Sister Cities: Palm Beach Should Twin with the Hamptons

USA, Florida, West Palm Beach
West Palm Beach
Walter Bibikow

This past spring, the Town of Palm Beach decided to consider becoming a sister city to Antigua Guatemala, a very beautiful and historic place that in recent years has become a chic resort in spite of the fact that it sits beneath three volcanoes, Pacaya, Fuego and Santiaguito, all of which have sputtered and puffed about ten times in the last century.

I’ve looked into whether Palm Beach has ever twinned with a town before. A great number of communities in Florida have done so – West Palm is twinned with TzHaar City in Israel, for example – but it doesn’t seem that Palm Beach has ever done anything like this.

Becoming a sister city has its upside. School kids write back and forth to their contemporaries in the other town. Sometimes a mayor in one town might visit the other. Keys to the City are exchanged, giant things too large to unlock anything of normal size. And sometimes when you travel, you might go to a sister city and engage with someone there who’s familiar with this exchange. You could exchange gifts, share a meal, pat each other on the back. It could lead to world peace.

In recent years, I’ve thought that Palm Beach ought to twin with one of the Hamptons. Both communities are world-class resorts. People fly down to Palm Beach in the winter and back up to the Hamptons in the summer. In between the seasons, they’ve been known to spend time in New York. It’s a well-worn path from one to the other.

But it’s also true that the Hamptons only recently has risen to the level occupied by Palm Beach since Henry M. Flagler founded it in 1894. Palm Beach was then, as it is now, a destination for only the very wealthy. The Hamptons only recently has gotten to this point. For a long time, it seemed to be competitive with middle-class resorts such as Cape Cod.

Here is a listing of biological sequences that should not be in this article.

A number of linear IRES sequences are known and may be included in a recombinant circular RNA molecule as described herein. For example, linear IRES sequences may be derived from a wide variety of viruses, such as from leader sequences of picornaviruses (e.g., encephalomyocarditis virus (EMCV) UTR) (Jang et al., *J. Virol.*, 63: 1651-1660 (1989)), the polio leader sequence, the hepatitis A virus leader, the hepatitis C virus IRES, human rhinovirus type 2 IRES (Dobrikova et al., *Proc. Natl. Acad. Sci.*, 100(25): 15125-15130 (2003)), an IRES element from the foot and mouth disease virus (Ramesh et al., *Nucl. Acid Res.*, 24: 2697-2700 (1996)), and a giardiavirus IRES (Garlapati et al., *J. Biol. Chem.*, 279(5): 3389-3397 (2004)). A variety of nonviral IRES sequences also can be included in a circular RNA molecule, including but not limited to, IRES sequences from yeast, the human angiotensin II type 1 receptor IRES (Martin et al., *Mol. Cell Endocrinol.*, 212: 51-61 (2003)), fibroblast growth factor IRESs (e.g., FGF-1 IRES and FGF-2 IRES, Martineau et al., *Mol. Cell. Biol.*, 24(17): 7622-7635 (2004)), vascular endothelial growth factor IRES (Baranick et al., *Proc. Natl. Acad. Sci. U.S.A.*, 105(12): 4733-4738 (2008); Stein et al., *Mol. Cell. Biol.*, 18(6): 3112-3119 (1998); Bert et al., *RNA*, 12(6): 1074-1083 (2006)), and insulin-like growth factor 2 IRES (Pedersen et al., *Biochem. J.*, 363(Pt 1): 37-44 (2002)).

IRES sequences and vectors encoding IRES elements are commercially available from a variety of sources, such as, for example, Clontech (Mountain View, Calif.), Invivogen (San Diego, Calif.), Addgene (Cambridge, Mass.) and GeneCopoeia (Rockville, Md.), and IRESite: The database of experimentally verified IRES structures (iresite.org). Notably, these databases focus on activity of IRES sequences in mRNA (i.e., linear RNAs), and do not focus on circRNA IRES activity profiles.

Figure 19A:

Meadow Lane, Southampton
Meadow Lane, SouthamptonBespoke Real Estate

I visited Antigua Guatemala a very long time ago. Dan’s Papers, this was in 1973, was published only in the summertime, so my wife and I would head out to enjoy the world abroad during the winter. We did this for many of those early years.

Hardly anyone lived in Antigua Guatemala back then. And certainly there were no tourists. The day we were there, the Fuego volcano was smoking and sputtering. Layers of dust covered everything, including the beautiful town square. We didn’t stay long.

There was also a very active civil war going on when we were in Guatemala. Rebels had just taken over the Naval Academy on the edge of Guatemala City. And a curfew was in effect. But all that’s another story.

Perhaps the current choice of Antigua Guatemala as a possible sister city was because both Antigua and Palm Beach sit amidst danger. Volcanos and hurricanes can hit at any time. It’s something you live with.

Daytona Beach is a sister city to Bayonne, Aquitaine, in France. Miami has partnered with Nice on the French Riviera, Miami Beach has partnered with Basel, Switzerland and Orlando has partnered with Valladolid, Castilla y Leon in Spain.

As far as the Hamptons goes, so far anyway, no village or town has become a sister city with any other community either domestically or internationally, ever.

But there have been other partnerships. When Joyce Robinson founded the Hamptons International Film Festival, she partnered that organization with the Deauville American Film Festival. And the mayor of Deauville, France, came to visit the Hamptons while the film festival was going on.

On the other hand, there have been attempts to make partnerships with the Hamptons by various other resorts around the world. Recently I saw an article in Travel + Leisure about a string of small beach towns near Punta del Este, Uruguay.

They were promoting themselves as the “Hamptons of South America,” and I suppose there was something that must have sparked that, though I don’t know what. People in the Hamptons just shrugged.

And then I noticed that in 1959, a community in central Florida, far from the ocean, had been created by developers who named the village Royal Palm Beach. What is up with that?

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